COLUMBIA — Scott Rubinstein of Columbia has frequented the Current River, in Ozark National Scenic Riverways, for 20 years and wants the riverway to be left alone with no signs of development.
“I love to go fishing in silence. When you are floating in a canoe, all you can hear is the water and the wildlife. I don’t know why anyone would want to change that,” Rubinstein said.
Rubinstein attended an open house Thursday night held by the National Park Service to discuss four possible options for the future of the Ozark National Scenic Riverways, laid out in a 21-page document provided by the National Park Service.
The event attracted 127 people, all interested in the future of the park. The Park Service has already held three similar meetings in different locations, with one still to come. All have been well-attended, said Eliza Kunz, public information officer for the Ozark National Scenic Riverways and the National Park Service. Two of the meetings saw about 300 attendees each.
Dale Counts, assistant commissioner for Shannon County, supported taking no action at Thursday's meeting. He said he has concerns for the economic well-being of the area.
“If you limit the use of canoes, boats and horses, that’s a source of income in our county,” Counts said.
Like many of the members at the meeting, the Osage Group Sierra Club strongly supports Alternative A, the more primitive approach to managing the park.
“This is a unique resource, a crown jewel of natural areas in Missouri, and it is being degraded,” said Hank Ottinger, Sierra Club political chair.
Sarah Pennington of Columbia said she is also a supporter of Alternative A and thinks that measures should be taken to make the Ozark National Scenic Riverways more family friendly; she said she's been to other parks where prohibiting alcohol and regulating river traffic enhanced her experience.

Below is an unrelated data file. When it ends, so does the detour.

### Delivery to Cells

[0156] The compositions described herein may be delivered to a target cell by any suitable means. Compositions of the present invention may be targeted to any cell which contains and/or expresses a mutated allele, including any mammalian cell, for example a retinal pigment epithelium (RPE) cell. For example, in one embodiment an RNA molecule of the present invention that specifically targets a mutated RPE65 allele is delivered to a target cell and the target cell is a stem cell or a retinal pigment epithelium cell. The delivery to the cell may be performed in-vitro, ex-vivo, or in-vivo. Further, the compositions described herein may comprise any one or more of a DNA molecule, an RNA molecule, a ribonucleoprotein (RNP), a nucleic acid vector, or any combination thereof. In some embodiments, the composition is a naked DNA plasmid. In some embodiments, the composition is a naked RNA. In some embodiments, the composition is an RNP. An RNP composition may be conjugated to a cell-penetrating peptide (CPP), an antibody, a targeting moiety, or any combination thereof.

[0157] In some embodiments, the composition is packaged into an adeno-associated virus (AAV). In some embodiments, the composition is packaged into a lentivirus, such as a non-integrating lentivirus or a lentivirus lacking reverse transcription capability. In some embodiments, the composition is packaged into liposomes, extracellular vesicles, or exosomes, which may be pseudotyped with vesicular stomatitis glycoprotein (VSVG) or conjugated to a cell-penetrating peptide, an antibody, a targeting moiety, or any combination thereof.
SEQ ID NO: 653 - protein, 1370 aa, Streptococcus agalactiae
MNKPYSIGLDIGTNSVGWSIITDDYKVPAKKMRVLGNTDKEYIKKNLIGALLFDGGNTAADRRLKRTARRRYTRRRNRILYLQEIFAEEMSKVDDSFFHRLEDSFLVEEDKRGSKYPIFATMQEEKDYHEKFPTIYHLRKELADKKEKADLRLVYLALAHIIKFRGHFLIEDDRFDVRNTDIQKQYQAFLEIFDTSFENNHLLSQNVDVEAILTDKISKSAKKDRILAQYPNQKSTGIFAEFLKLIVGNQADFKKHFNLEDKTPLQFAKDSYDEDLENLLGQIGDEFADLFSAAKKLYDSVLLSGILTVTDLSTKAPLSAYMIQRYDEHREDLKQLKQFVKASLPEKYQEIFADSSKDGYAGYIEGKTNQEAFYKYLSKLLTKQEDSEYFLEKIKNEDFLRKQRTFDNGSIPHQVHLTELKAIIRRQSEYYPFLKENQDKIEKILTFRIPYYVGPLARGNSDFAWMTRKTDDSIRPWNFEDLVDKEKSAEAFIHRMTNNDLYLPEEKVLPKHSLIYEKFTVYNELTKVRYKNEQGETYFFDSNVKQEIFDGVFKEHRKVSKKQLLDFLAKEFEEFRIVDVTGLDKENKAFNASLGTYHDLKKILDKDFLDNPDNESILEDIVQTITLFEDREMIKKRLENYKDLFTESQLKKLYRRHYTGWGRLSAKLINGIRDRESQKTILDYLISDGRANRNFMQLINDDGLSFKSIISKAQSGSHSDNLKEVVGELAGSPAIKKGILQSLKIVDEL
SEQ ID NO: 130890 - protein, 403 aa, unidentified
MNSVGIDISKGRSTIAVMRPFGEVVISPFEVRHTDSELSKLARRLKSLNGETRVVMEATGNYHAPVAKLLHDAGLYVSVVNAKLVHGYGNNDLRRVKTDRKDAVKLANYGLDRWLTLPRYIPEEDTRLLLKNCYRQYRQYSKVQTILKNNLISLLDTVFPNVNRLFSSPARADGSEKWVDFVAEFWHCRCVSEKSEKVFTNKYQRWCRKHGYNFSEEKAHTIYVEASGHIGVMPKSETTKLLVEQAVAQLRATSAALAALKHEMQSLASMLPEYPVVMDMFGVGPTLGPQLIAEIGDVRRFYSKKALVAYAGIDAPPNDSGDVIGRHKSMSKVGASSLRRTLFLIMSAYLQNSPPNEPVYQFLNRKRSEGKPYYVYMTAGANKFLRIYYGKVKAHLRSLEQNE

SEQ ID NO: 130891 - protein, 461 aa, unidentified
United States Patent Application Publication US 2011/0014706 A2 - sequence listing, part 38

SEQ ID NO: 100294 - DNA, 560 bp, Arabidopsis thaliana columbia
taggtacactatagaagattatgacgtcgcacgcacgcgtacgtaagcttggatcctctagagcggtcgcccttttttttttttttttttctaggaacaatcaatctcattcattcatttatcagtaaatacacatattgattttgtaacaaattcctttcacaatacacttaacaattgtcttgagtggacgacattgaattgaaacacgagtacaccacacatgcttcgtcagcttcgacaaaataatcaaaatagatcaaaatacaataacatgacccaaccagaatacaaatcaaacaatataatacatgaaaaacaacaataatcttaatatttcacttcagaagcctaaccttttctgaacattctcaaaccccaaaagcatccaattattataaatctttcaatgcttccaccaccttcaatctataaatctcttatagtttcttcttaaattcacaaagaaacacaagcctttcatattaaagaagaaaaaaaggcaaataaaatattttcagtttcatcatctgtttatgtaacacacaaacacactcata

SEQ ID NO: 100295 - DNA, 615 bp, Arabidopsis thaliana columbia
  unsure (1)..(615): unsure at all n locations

Other attendants stressed that there was a need for responsible use from all parties involved. Mary Lamar, of Rocheport and a member of the Missouri Equine Council, said she came to the meeting to gather information and plans to send comments to the National Park Service.
Lamar said she is “pro-horse” and enjoys using various trails in the area. She said she used to frequent the Ozark National Scenic Riverways, but doesn’t anymore because of the increased amount of horse traffic at the Cross Country Trail Ride in Eminence.
“Responsible use from all the interests involved is the most important thing," Lamar said. "We need to learn to live together and all enjoy the beauty."
“Public concerns run the gamut," Kunz said. “We don’t want to have conflicts with locals and non-locals. Everyone must show tolerance and get along. We will have to find a balance, and it’s that balance that will be hard."
A variety of opinions were presented at the other open houses. There is a lot of concern for horsepower use in Van Buren. At the Eminence open house there were similar concerns, but they were more focused on land use. At the meeting in Salem, the concern was somewhat focused on the use of ATVs, horsesand motorboat horsepower, Kunz said.
The plan must go through many more steps before a final decision is made, according to the National Park Service document. The open houses are a part of the development and evaluative stages. Other stages include preparing another draft of the plan and then submitting it to the public. After public dispersal, the revised plan will be followed by the final document. The final plan will not be implemented until the winter of 2012 or beyond, after the National Park Service director, the secretary of the interior, congress and the president approve the plan.
Comments can be sent to nps.gov/ozar or to Superintendent, Ozark National Scenic Riverways P.O. Box 490, Van Buren, MO 63965, preferably before July 31, 2009.